Ratings Firms Respond to IAB Complaints

NEW YORK The leading Internet measurement services have responded to an unusual public challenge by the Interactive Advertising Bureau to submit to third-party audits.

Both ComScore Media Metrix and Nielsen//NetRatings said in separate letters that they are in the process of securing third-party certification of their methodologies. Nielsen//NetRatings said it has already completed the Media Ratings Council’s pre-audit. ComScore said it is in the midst of an audit by the Advertising Research Foundation.

In his recent “open letter” to the measurement firms, IAB CEO Randall Rothenberg asserted both had “resisted numerous requests for audits” by the IAB and MRC.

At issue is the efficacy of the panel-based approach used by both companies, which track the Web habits of a sample audience and then extrapolate to project numbers for the entire Internet audience.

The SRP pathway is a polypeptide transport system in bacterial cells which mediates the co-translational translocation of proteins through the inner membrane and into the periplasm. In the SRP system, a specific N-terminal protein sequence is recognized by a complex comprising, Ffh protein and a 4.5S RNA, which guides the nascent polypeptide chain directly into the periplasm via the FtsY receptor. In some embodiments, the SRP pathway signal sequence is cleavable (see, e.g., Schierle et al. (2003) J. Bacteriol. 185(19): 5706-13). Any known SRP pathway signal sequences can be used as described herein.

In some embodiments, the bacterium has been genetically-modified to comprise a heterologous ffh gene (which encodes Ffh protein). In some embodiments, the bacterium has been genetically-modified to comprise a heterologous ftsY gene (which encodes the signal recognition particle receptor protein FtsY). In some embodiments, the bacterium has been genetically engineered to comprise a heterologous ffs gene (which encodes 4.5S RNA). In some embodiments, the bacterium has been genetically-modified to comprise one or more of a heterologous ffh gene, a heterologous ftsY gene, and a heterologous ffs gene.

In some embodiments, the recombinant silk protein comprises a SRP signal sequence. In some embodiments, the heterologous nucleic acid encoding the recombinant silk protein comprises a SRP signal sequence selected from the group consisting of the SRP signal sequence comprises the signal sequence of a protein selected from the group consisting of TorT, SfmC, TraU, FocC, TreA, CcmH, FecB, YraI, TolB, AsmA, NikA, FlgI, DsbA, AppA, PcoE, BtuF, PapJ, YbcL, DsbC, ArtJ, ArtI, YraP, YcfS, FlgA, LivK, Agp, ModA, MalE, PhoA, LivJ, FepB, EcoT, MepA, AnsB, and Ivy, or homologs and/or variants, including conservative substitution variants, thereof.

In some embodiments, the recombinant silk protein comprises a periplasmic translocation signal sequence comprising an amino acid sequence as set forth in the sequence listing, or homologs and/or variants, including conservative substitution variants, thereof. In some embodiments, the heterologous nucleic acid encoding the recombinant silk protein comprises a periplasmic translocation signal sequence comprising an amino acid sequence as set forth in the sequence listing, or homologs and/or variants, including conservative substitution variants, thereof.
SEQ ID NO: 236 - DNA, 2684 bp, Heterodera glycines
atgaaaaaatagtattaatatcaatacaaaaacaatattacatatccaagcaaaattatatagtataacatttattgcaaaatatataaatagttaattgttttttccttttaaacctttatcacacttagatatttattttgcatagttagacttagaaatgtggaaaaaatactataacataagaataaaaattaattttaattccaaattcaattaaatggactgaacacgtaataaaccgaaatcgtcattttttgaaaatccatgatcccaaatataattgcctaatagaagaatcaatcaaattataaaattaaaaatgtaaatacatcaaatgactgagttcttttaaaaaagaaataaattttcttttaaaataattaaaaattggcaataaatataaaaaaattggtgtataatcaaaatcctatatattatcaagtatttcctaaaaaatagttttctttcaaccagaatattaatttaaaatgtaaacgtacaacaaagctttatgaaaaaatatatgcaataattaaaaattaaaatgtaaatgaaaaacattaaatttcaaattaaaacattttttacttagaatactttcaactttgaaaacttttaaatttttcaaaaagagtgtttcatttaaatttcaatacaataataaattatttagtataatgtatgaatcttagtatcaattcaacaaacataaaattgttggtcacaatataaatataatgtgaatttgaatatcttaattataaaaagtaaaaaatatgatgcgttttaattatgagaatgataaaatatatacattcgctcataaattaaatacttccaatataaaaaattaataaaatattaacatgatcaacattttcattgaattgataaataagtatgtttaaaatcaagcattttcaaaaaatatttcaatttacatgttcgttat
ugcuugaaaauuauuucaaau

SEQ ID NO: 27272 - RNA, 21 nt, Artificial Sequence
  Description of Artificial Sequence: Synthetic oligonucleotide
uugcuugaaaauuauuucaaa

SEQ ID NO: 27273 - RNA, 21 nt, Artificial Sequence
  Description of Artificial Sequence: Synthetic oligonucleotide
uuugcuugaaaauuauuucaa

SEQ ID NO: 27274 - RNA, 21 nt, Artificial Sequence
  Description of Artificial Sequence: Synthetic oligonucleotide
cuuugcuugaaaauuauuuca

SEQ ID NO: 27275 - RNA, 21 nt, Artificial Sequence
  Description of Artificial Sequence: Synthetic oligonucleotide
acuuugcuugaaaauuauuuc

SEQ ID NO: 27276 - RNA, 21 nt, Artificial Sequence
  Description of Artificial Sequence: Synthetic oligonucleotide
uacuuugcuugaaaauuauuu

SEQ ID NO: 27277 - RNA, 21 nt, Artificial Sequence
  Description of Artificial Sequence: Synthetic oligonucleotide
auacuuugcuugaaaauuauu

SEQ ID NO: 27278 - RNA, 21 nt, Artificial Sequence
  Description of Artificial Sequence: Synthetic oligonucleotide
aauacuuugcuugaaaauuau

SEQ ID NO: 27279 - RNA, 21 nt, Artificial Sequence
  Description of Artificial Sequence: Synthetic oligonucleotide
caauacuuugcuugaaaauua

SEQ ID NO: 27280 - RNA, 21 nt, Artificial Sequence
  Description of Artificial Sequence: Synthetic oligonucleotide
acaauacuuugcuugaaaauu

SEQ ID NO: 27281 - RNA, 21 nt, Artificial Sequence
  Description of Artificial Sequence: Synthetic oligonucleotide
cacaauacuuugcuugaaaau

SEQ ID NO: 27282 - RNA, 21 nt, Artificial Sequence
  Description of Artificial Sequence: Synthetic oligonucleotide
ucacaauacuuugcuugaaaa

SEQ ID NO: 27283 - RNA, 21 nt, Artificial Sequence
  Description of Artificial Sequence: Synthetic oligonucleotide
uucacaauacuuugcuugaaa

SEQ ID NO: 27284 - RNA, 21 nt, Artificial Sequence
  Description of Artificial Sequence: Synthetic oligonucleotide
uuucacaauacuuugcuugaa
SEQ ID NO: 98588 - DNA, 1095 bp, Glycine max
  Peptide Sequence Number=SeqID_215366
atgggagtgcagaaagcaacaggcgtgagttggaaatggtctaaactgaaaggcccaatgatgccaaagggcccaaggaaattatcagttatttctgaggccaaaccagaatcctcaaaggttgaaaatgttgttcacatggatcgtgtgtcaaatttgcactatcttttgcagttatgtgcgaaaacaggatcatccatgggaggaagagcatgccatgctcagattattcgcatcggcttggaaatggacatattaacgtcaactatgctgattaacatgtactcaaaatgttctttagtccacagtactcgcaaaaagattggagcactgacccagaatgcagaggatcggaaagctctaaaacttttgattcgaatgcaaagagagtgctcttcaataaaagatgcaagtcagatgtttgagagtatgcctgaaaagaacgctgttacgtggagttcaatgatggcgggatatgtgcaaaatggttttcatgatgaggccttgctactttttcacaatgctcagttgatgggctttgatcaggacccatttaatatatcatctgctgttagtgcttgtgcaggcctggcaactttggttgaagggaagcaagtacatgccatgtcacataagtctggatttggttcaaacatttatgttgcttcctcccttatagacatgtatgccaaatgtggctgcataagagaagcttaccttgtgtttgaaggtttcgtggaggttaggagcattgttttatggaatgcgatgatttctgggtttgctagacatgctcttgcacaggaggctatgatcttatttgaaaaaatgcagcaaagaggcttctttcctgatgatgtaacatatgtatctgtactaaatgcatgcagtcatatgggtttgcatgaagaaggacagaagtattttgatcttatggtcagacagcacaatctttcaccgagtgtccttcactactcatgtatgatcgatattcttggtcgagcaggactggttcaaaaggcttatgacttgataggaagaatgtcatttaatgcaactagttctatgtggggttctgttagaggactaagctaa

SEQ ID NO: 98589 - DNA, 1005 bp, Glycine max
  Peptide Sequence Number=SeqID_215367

The IAB represents a wide swathe of Web sites that sell advertising. Web sites have complained that these services underestimate their audiences as reflected in their own log files.

The ratings services have dismissed the complaints as a misreading of server stats, which count the same visitor coming from a work and home computer twice, or visitors who regularly clear their cookies. ComScore, for example, issued a report last week that claimed cookie deletion causes sites to overestimate their audiences by as much as two times their actual traffic.

The need for accurate audience measurement is critical as larger chunks of ad budgets move online. Media planners use ComScore and Nielsen//NetRatings—the latter owned by the parent company of Adweek—when constructing media plans. Smaller sites and those with younger users have claimed they suffer because their visitor statistics are incorrect.

In his letter, Rothenberg said the Web risked not living up to its promise of heightened measurement and accountability if the industry does not work out the discrepancies.

“To persist in using panels that potentially undercount or ignore the diverse populations that are the future of consumer marketing is to deny marketers the insights they need to build their businesses,” he wrote. “And it certainly appears to us as if these audiences are being undercounted or disregarded.”